استراتيجيات التعلم الاحترافية لتخريج معلمين متمرسين مستقبلًا

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. جليندا أنتوني
المدير الموازي لمركز الامتياز لبحوث الرياضيات في التعليم. كلية التربية والتعليم, جامعة ماسي. نيوزيلندا

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استراتيجيات التعلم الاحترافية لتخريج معلمين متمرسين مستقبلًا

  1. 1. Learning the work of ambitiousmathematics teachingProfessor Glenda AnthonyIEFE, Feb 2013, Saudi Arabia
  2. 2. Challenging goals of education•  Changing educational targets for knowledgesociety.•  Awareness of academic and social outcomes•  Expectations of equitable opportunities andaccess for diverse students.
  3. 3. Mathematical proficiency•  Must include both cognitive and dispositional/participatory components.•  A way of knowing in which:–  conceptual understanding,–  procedural fluency,–  strategic competence,–  adaptive reasoning, and–  productive dispositionare intertwined in mathematical practice andlearning.
  4. 4. New social and academically ambitiouslearning goals within the maths classroomNew forms of pedagogy to developmathematical proficiency in its widest sense
  5. 5. Ambitious Teaching•  Supports learners not only to do mathematicscompetently, make sense of it and be able to useit to solve authentic problems in their everydaylife.•  Our views are informed by research about whatteachers need TO DO and what they need toKNOW.•  Anthony, G., & Walshaw, M. (2009). Effective pedagogy inmathematics No 19 in the International Bureau of EducationsEducational Practices Series: www.ibe.unesco.org/en/services/publications/educational-practices.html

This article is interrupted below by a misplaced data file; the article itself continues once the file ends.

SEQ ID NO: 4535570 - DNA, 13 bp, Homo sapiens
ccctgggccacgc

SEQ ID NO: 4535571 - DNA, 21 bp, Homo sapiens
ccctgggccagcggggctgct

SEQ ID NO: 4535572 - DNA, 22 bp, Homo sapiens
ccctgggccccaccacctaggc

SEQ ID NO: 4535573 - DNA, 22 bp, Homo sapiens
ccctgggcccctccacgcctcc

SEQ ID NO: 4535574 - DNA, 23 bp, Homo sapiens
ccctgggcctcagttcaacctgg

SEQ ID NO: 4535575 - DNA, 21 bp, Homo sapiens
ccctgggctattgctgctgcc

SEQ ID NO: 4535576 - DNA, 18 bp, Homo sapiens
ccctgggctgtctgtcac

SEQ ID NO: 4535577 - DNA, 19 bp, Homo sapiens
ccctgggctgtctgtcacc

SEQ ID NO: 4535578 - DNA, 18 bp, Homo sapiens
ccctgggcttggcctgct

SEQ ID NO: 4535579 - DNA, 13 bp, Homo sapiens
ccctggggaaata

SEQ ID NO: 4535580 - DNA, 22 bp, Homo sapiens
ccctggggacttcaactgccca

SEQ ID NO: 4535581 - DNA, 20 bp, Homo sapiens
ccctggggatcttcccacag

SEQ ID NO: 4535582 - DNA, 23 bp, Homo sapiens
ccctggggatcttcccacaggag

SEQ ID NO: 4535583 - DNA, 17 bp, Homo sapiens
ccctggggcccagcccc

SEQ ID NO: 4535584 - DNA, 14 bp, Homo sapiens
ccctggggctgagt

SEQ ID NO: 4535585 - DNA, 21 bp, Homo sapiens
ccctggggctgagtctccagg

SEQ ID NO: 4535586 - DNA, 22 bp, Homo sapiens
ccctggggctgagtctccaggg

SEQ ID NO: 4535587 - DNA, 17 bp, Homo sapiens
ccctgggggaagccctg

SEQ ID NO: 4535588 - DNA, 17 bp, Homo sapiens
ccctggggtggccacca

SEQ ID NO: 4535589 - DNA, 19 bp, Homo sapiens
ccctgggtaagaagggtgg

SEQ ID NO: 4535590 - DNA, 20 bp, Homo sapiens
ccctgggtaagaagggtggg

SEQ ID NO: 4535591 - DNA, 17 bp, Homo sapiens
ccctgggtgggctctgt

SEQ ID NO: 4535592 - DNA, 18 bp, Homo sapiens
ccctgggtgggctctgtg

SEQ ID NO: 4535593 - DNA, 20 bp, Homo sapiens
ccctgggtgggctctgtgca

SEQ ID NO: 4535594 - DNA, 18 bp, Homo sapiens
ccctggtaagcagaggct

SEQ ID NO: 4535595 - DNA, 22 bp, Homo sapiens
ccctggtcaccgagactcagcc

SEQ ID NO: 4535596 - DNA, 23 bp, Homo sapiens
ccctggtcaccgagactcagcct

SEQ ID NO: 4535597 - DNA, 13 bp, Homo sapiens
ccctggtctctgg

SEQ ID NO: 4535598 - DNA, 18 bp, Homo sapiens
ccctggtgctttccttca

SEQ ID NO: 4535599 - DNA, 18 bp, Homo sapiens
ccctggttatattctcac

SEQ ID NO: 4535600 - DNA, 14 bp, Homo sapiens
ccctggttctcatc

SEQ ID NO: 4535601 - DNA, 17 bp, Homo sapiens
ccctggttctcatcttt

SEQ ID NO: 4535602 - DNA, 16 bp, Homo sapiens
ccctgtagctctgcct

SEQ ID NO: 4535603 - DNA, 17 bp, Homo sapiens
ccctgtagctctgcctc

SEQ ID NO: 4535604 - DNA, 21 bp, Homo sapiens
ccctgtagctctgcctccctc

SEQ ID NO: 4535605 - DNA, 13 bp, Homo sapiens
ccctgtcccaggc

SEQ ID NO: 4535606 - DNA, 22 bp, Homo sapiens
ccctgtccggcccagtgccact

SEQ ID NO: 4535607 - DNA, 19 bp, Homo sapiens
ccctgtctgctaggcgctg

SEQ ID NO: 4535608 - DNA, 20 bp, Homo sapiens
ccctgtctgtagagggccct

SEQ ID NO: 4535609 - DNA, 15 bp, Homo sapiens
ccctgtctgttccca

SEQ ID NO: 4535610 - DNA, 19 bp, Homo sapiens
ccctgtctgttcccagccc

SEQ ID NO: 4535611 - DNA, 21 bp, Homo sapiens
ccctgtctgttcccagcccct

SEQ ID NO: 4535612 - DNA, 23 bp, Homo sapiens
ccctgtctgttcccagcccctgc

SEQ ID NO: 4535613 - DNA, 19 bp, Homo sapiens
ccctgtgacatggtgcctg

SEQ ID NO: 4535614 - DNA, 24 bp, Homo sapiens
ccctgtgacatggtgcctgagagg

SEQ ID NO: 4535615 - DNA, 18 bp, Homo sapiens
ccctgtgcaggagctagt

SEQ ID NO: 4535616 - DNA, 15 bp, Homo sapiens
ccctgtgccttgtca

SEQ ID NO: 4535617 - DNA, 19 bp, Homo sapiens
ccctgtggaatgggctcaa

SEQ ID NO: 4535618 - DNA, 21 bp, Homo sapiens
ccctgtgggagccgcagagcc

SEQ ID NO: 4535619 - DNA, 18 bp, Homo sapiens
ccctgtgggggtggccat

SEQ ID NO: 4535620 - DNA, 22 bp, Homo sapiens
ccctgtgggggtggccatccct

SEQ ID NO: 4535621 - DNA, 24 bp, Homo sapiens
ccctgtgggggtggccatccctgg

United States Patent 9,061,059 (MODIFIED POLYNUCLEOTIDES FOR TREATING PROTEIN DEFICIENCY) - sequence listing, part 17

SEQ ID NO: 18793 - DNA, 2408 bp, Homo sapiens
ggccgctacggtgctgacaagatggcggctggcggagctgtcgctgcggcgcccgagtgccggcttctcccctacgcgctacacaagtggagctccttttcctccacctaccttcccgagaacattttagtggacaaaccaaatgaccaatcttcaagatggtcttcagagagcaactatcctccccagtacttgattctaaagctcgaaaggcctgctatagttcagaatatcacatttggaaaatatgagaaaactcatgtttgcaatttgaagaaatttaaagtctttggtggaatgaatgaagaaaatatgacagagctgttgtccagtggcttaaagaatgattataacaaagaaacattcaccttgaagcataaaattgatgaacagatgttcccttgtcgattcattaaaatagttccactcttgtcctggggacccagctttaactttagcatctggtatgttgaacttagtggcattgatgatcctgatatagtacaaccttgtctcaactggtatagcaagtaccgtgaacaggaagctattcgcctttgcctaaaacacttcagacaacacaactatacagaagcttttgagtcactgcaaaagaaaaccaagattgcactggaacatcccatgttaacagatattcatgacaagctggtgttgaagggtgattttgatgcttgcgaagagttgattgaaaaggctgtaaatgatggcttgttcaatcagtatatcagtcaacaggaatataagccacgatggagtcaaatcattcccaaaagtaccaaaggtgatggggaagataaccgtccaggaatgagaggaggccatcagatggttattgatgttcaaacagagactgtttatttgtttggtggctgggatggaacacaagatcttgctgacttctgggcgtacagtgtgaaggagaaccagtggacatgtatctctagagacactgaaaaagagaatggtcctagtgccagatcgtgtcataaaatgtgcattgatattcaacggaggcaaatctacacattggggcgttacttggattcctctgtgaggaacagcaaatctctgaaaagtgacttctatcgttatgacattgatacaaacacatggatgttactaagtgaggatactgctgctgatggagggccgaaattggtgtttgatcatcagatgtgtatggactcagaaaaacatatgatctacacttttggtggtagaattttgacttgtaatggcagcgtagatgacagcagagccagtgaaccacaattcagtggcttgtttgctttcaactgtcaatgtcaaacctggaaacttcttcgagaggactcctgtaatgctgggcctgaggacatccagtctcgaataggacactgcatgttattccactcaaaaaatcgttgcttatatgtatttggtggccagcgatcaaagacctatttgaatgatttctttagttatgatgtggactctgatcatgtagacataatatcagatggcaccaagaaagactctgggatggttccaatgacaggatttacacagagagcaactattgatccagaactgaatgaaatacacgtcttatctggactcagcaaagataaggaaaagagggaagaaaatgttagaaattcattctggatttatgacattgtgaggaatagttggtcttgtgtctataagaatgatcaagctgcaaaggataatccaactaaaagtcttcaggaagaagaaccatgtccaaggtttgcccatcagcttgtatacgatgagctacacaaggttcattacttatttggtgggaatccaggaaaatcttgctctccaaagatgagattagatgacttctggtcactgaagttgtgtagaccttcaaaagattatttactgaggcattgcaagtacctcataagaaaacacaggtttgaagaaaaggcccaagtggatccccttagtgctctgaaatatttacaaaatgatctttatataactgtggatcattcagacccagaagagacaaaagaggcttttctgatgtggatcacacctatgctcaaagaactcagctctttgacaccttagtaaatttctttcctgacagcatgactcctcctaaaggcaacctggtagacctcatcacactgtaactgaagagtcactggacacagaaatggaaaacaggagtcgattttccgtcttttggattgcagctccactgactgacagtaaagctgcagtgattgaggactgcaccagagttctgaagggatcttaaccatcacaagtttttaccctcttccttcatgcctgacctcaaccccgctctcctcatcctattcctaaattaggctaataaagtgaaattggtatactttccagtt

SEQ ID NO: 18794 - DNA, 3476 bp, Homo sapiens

6. 6. Ambitious mathematics teachers:ü Have specialised knowledge for teaching andteaching mathematicsü Have high expectations for all studentsü Place students’ reasoning about maths at thecentre of instruction.
  7. 7. Create classroom inquiry communities•  Skills in orchestrating instructional activities thatprovide opportunities for mathematical talk.•  Ability to notice, elicit, and interpret students’mathematical reasoning.•  Promote and ethic of care , building relationshipsthat are inclusive, and expect all students toengage.
  8. 8. Ambitious teaching requires investmentin TEACHER LEARNINGTeacher learning (at all stages of one’s careerpathway) is a “major engine for academicsuccess”•  Wei, R. C., Andree, A., & Darling-Hammond, L. (2009). How nationsinvest in teachers. Educational Leadership, 66(5), 28-33.
  9. 9. Supporting teacher learning•  Initial teacher education•  Beginning teacher mentor and guidanceprogrammes•  School based and external professionaldevelopment experiences•  Further study/research contexts.
  10. 10. Professional development in mathseducation in New ZealandInformed by two sources from the Ministry ofEducation Iterative Best Evidence Synthesis (BES)programme1.  synthesis on effective mathematics pedagogy(Anthony & Walshaw, 2007, 2009).2.  synthesis on teacher professional learning anddevelopment (Timperley, Wilson, Barrar, & Fung,2007, 2008) andSee <http://www.educationcounts.govt.nz/topics/BES>